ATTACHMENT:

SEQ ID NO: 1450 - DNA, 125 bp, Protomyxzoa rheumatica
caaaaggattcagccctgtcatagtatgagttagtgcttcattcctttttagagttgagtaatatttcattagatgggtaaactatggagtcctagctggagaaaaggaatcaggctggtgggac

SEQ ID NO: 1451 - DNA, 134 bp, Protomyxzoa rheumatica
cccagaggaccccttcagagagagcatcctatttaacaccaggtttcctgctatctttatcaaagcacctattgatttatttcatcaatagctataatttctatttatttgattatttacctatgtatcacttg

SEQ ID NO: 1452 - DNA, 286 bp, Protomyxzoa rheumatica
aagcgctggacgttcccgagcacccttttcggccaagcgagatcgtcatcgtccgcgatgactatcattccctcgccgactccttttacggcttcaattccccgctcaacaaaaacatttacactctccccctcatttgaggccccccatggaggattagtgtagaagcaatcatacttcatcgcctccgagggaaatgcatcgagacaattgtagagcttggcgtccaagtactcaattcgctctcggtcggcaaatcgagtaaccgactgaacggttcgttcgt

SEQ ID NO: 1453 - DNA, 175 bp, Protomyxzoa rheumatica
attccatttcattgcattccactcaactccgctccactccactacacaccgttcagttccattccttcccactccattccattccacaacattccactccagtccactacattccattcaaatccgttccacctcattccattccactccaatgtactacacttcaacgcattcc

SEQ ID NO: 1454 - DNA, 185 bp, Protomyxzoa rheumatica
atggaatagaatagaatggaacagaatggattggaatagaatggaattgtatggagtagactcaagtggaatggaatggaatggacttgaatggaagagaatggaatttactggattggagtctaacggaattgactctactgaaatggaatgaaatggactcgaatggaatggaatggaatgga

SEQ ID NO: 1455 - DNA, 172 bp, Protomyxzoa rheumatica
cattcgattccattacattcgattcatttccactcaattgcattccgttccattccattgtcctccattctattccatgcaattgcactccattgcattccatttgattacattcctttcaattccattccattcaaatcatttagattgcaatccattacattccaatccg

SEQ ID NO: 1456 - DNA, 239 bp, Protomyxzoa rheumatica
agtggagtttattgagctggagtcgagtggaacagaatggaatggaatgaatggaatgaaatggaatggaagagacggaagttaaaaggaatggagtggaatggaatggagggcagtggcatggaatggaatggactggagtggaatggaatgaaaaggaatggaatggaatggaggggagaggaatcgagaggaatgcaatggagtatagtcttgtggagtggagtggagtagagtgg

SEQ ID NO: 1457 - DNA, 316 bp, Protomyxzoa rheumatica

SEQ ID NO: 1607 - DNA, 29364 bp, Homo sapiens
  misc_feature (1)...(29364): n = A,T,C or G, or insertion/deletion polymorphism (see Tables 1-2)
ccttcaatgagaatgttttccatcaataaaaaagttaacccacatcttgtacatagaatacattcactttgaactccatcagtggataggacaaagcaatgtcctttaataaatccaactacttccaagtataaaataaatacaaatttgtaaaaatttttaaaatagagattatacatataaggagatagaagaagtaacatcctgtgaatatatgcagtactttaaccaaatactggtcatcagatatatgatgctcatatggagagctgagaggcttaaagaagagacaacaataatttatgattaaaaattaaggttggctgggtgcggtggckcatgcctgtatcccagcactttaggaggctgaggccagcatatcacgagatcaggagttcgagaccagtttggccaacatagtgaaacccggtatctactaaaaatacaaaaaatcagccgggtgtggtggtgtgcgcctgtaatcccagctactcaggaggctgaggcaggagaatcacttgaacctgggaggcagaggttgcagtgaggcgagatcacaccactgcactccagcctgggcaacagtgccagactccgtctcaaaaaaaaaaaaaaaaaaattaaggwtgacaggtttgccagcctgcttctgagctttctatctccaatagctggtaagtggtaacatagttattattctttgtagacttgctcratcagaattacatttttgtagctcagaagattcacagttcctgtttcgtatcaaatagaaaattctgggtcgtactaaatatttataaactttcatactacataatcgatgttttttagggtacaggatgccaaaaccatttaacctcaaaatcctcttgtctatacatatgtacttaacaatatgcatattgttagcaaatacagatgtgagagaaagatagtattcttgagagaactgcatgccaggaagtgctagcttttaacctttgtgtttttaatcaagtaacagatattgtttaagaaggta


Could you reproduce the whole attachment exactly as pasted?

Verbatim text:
SEQ ID NO: 1450 - DNA, 125 bp, Protomyxzoa rheumatica
caaaaggattcagccctgtcatagtatgagttagtgcttcattcctttttagagttgagtaatatttcattagatgggtaaactatggagtcctagctggagaaaaggaatcaggctggtgggac

SEQ ID NO: 1451 - DNA, 134 bp, Protomyxzoa rheumatica
cccagaggaccccttcagagagagcatcctatttaacaccaggtttcctgctatctttatcaaagcacctattgatttatttcatcaatagctataatttctatttatttgattatttacctatgtatcacttg

SEQ ID NO: 1452 - DNA, 286 bp, Protomyxzoa rheumatica
aagcgctggacgttcccgagcacccttttcggccaagcgagatcgtcatcgtccgcgatgactatcattccctcgccgactccttttacggcttcaattccccgctcaacaaaaacatttacactctccccctcatttgaggccccccatggaggattagtgtagaagcaatcatacttcatcgcctccgagggaaatgcatcgagacaattgtagagcttggcgtccaagtactcaattcgctctcggtcggcaaatcgagtaaccgactgaacggttcgttcgt

SEQ ID NO: 1453 - DNA, 175 bp, Protomyxzoa rheumatica
attccatttcattgcattccactcaactccgctccactccactacacaccgttcagttccattccttcccactccattccattccacaacattccactccagtccactacattccattcaaatccgttccacctcattccattccactccaatgtactacacttcaacgcattcc

SEQ ID NO: 1454 - DNA, 185 bp, Protomyxzoa rheumatica
atggaatagaatagaatggaacagaatggattggaatagaatggaattgtatggagtagactcaagtggaatggaatggaatggacttgaatggaagagaatggaatttactggattggagtctaacggaattgactctactgaaatggaatgaaatggactcgaatggaatggaatggaatgga

SEQ ID NO: 1455 - DNA, 172 bp, Protomyxzoa rheumatica
cattcgattccattacattcgattcatttccactcaattgcattccgttccattccattgtcctccattctattccatgcaattgcactccattgcattccatttgattacattcctttcaattccattccattcaaatcatttagattgcaatccattacattccaatccg

SEQ ID NO: 1456 - DNA, 239 bp, Protomyxzoa rheumatica
agtggagtttattgagctggagtcgagtggaacagaatggaatggaatgaatggaatgaaatggaatggaagagacggaagttaaaaggaatggagtggaatggaatggagggcagtggcatggaatggaatggactggagtggaatggaatgaaaaggaatggaatggaatggaggggagaggaatcgagaggaatgcaatggagtatagtcttgtggagtggagtggagtagagtgg

SEQ ID NO: 1457 - DNA, 316 bp, Protomyxzoa rheumatica

SEQ ID NO: 1607 - DNA, 29364 bp, Homo sapiens
  misc_feature (1)...(29364): n = A,T,C or G, or insertion/deletion polymorphism (see Tables 1-2)
ccttcaatgagaatgttttccatcaataaaaaagttaacccacatcttgtacatagaatacattcactttgaactccatcagtggataggacaaagcaatgtcctttaataaatccaactacttccaagtataaaataaatacaaatttgtaaaaatttttaaaatagagattatacatataaggagatagaagaagtaacatcctgtgaatatatgcagtactttaaccaaatactggtcatcagatatatgatgctcatatggagagctgagaggcttaaagaagagacaacaataatttatgattaaaaattaaggttggctgggtgcggtggckcatgcctgtatcccagcactttaggaggctgaggccagcatatcacgagatcaggagttcgagaccagtttggccaacatagtgaaacccggtatctactaaaaatacaaaaaatcagccgggtgtggtggtgtgcgcctgtaatcccagctactcaggaggctgaggcaggagaatcacttgaacctgggaggcagaggttgcagtgaggcgagatcacaccactgcactccagcctgggcaacagtgccagactccgtctcaaaaaaaaaaaaaaaaaaattaaggwtgacaggtttgccagcctgcttctgagctttctatctccaatagctggtaagtggtaacatagttattattctttgtagacttgctcratcagaattacatttttgtagctcagaagattcacagttcctgtttcgtatcaaatagaaaattctgggtcgtactaaatatttataaactttcatactacataatcgatgttttttagggtacaggatgccaaaaccatttaacctcaaaatcctcttgtctatacatatgtacttaacaatatgcatattgttagcaaatacagatgtgagagaaagatagtattcttgagagaactgcatgccaggaagtgctagcttttaacctttgtgtttttaatcaagtaacagatattgtttaagaaggta